In retaliation, June goes on a television program to discuss how the establishment protects wealthy criminals and then, going against her boss' wishes, sneaks her article about Ching into the magazine right before it goes to press. Having already seen her on TV, and now finding out about the article, Ching starts stalking June everywhere she goes. He takes photos of her in public and even at her home, using his telephoto lens to get shots inside her bedroom through the window. Conversely, June begins looking into Ching's past. She tracks down one of his previous victims - Mei Bo (Lai-Fan Hon) - and discovers she's been so traumatized by the incident she's now a drug-addicted prostitute.
Model Lily (Lily Chan), who's the wife of Shu family lawyer William, hires Ching for a photo session that turns disastrous when he has her doing photos with a noose and, of course, his beloved prickly cacti. He later breaks into her home, beats her and rapes her in the bathtub. When Lily's husband finds out about it, instead of being enraged he simply asks for a stake in the family's shipping company as compensation (!!) Elene's incompetent attorney, Tung Pui (Kin-Chuen Lee), befriends June but it all turns out be a façade. Like most of the other men in this film, he's a scumbag who's in cahoots with both William and Ching and more than happy to help his buddies silence her for good. Using the pretext of a birthday party, she's lured to Ching's photography studio and thus right into his clutches. What follows includes, but it not limited to, morbid abstract art, a life-sized mannequin cake, a giant red net, water hose torture, an acid facial and a white-masked, razor-slashing killer.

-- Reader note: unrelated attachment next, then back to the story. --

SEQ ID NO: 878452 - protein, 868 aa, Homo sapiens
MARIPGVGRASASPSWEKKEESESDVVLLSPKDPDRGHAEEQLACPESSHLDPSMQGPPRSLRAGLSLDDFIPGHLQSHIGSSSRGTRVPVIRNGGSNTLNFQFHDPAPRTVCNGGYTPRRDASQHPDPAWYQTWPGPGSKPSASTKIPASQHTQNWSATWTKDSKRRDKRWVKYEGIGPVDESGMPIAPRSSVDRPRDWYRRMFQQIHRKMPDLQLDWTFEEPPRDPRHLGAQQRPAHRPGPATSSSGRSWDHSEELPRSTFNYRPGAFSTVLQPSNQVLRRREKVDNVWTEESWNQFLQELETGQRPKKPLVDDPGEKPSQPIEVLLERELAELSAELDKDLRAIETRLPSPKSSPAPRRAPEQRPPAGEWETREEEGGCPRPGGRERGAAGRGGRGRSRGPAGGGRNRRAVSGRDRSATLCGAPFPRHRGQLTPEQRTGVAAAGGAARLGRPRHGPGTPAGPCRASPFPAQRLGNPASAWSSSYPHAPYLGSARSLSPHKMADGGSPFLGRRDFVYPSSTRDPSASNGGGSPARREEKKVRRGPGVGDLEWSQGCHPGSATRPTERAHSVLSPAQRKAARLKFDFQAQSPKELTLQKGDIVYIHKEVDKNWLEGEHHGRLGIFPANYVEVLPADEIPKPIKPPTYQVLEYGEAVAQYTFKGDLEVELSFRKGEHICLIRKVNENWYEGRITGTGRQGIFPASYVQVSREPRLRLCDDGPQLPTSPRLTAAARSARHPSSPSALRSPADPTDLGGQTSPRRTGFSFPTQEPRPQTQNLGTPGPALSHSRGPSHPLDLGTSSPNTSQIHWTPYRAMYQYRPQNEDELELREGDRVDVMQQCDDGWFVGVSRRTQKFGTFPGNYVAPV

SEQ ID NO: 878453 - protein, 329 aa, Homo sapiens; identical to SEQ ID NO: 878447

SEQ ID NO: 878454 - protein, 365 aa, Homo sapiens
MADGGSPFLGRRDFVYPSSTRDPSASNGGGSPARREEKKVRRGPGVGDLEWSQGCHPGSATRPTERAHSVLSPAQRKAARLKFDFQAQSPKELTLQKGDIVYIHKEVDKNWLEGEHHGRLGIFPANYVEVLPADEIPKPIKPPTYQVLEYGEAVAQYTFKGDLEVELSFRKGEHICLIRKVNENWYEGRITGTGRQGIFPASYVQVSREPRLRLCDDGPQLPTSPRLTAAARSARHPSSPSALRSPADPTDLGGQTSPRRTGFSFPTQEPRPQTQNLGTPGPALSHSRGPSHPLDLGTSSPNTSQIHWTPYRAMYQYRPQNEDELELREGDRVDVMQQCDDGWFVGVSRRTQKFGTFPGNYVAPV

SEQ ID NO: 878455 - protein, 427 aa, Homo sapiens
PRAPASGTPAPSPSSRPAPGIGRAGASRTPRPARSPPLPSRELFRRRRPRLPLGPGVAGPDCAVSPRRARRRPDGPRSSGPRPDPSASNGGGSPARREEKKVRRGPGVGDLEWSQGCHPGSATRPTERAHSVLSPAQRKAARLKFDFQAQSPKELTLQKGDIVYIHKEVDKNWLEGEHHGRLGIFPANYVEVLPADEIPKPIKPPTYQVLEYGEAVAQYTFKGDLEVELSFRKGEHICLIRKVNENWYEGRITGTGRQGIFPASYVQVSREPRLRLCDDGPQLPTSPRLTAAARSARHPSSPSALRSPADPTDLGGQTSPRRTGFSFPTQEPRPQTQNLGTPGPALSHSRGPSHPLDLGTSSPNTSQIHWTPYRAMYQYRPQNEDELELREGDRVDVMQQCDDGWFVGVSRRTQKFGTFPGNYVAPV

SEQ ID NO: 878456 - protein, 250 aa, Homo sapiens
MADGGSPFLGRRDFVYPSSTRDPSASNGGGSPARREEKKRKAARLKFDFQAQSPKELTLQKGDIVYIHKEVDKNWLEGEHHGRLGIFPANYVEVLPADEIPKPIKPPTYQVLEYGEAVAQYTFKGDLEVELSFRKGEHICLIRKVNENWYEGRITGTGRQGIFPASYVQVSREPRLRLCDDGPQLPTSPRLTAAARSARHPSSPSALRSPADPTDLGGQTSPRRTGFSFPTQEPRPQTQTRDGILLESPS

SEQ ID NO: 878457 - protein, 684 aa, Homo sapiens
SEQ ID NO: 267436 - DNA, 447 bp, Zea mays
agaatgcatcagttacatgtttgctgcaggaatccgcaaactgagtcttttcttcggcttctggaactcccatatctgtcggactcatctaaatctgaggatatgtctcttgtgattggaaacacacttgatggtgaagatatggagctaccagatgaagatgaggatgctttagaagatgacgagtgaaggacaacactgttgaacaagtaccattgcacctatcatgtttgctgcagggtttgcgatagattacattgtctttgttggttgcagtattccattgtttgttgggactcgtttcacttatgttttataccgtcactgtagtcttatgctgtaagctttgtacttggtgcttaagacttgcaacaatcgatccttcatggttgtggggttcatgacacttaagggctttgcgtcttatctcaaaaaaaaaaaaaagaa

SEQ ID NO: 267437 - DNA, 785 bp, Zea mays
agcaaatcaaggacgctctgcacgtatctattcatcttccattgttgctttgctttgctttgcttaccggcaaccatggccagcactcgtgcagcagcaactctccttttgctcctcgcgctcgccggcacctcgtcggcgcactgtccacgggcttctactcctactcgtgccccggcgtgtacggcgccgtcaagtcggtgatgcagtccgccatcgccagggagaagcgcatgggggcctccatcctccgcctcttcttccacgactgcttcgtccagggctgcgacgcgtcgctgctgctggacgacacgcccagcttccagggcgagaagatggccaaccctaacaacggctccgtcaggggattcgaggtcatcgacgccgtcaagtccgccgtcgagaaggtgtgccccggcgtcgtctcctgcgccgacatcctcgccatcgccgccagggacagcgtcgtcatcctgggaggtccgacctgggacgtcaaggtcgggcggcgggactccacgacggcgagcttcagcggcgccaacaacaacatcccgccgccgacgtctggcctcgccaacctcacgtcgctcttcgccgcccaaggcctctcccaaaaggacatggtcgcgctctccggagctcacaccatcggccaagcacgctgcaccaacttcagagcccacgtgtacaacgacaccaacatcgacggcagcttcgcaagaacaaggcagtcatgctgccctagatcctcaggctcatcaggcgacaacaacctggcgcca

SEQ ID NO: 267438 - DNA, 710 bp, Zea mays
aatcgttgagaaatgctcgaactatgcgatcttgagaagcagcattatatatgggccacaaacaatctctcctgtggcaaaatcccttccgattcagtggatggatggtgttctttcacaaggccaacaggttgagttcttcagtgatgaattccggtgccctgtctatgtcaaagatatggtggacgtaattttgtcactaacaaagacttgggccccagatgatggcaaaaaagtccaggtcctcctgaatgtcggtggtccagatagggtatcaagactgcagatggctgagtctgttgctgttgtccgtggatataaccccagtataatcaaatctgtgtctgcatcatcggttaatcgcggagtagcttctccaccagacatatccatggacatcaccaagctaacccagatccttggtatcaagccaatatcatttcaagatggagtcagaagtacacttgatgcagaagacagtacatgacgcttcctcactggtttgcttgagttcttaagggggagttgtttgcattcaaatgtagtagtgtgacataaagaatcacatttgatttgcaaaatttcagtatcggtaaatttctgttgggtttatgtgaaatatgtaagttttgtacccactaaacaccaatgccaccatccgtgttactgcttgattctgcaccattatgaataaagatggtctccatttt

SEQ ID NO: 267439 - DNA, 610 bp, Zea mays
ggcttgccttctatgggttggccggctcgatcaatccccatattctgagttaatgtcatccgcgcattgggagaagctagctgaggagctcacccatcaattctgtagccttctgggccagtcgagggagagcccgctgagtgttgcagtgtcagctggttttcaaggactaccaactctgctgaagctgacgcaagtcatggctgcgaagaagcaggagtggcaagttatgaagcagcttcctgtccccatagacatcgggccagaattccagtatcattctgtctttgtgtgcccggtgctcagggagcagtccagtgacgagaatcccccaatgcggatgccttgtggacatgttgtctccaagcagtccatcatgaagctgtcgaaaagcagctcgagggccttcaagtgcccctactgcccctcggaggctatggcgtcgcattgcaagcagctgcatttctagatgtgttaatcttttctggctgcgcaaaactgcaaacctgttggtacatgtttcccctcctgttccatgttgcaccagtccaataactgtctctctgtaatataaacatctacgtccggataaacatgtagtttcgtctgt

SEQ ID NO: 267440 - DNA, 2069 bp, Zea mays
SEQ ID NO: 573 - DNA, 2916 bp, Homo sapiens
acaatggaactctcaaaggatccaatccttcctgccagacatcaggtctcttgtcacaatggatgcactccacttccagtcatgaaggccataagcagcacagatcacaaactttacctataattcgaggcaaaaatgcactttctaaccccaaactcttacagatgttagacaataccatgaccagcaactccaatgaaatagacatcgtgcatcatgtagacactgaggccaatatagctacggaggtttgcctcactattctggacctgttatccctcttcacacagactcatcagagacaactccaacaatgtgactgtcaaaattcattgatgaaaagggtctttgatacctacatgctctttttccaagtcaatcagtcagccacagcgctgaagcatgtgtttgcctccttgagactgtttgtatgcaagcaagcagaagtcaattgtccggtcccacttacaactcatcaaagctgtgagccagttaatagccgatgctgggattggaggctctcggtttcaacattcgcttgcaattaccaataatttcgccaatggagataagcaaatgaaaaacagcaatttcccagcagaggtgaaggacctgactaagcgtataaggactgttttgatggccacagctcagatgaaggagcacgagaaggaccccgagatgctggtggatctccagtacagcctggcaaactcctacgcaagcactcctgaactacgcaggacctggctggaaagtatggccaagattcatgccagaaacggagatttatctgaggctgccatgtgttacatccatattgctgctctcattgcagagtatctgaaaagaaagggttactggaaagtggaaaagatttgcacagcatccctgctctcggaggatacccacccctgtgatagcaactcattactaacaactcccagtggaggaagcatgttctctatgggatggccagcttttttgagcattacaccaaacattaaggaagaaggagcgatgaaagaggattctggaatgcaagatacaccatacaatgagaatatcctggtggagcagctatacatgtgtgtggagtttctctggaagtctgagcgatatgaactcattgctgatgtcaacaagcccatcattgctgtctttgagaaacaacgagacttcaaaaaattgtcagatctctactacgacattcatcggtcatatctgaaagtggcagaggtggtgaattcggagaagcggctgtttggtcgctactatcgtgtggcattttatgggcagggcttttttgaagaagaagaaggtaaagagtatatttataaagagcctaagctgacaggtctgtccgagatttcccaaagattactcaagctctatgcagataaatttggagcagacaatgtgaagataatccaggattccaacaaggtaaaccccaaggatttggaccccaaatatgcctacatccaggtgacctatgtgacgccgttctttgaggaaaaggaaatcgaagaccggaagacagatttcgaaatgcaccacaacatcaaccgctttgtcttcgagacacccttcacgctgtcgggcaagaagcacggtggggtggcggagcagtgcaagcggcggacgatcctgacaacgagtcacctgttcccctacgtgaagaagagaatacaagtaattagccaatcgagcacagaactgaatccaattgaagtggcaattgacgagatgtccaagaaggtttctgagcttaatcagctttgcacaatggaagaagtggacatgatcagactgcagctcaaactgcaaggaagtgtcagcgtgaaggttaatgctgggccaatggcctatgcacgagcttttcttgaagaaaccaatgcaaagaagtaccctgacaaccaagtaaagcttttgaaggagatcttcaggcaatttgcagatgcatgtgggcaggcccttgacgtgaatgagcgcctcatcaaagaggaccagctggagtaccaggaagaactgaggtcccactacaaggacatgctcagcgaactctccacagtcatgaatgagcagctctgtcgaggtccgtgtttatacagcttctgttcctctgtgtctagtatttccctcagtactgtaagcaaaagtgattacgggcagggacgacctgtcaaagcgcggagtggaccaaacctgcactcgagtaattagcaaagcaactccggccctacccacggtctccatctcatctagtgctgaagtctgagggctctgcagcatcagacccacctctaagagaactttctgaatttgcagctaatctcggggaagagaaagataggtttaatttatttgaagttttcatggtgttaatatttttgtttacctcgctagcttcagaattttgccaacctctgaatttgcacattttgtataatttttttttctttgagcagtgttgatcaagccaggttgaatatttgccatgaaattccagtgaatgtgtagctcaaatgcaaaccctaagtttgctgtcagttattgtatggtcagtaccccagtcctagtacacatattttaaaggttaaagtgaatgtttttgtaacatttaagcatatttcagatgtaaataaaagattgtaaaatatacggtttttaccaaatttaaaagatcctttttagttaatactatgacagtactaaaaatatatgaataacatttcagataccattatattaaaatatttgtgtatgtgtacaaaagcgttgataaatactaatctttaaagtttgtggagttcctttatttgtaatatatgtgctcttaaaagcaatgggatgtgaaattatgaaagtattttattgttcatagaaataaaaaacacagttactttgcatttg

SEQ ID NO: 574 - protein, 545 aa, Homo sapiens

Ludicrous plot points aside, and there are quite a few if I'm to be honest, this psycho-thriller is fast-paced, stylish and entertaining enough to keep you watching, with a few genuine surprises along the way and several well-done suspense scenes. There are lots of obvious borrowings from De Palma's Dressed to Kill (1980) here, including frequent glossy-looking soft focus shots, a bit of split screen usage, shimmering razor blades and numerous plot points like stalking, voyeurism, bizarre sexual hang-ups (flashbacks to Ching's childhood show him getting beaten after walking in on his mommy having sex), the psycho donning drag (granny drag, no less!), a long suspense scene / attempted slashing around an elevator and several steamy bathing scenes, both featuring Chan. This also has a memorable scene set in an art gallery, only in this time it's part of the psycho's studio.
Ho (who is much better known for his photography than his film work) started out as a Shaw Brothers actor before transitioning over to directing in 1969. Most of his credits were in the Cat III erotica genre and he made a number of box office hits before retiring and moving to California, where he passed away in 2016. This was not made for any of the HK major players of the day (the production company in the credits is Fotocine Film Production Ltd.) and was only released to home video (and only in HK to my knowledge) a couple of times. The source print currently circulating around is the widescreen, English-subtitled laserdisc from Mei Ah that was released in 1988.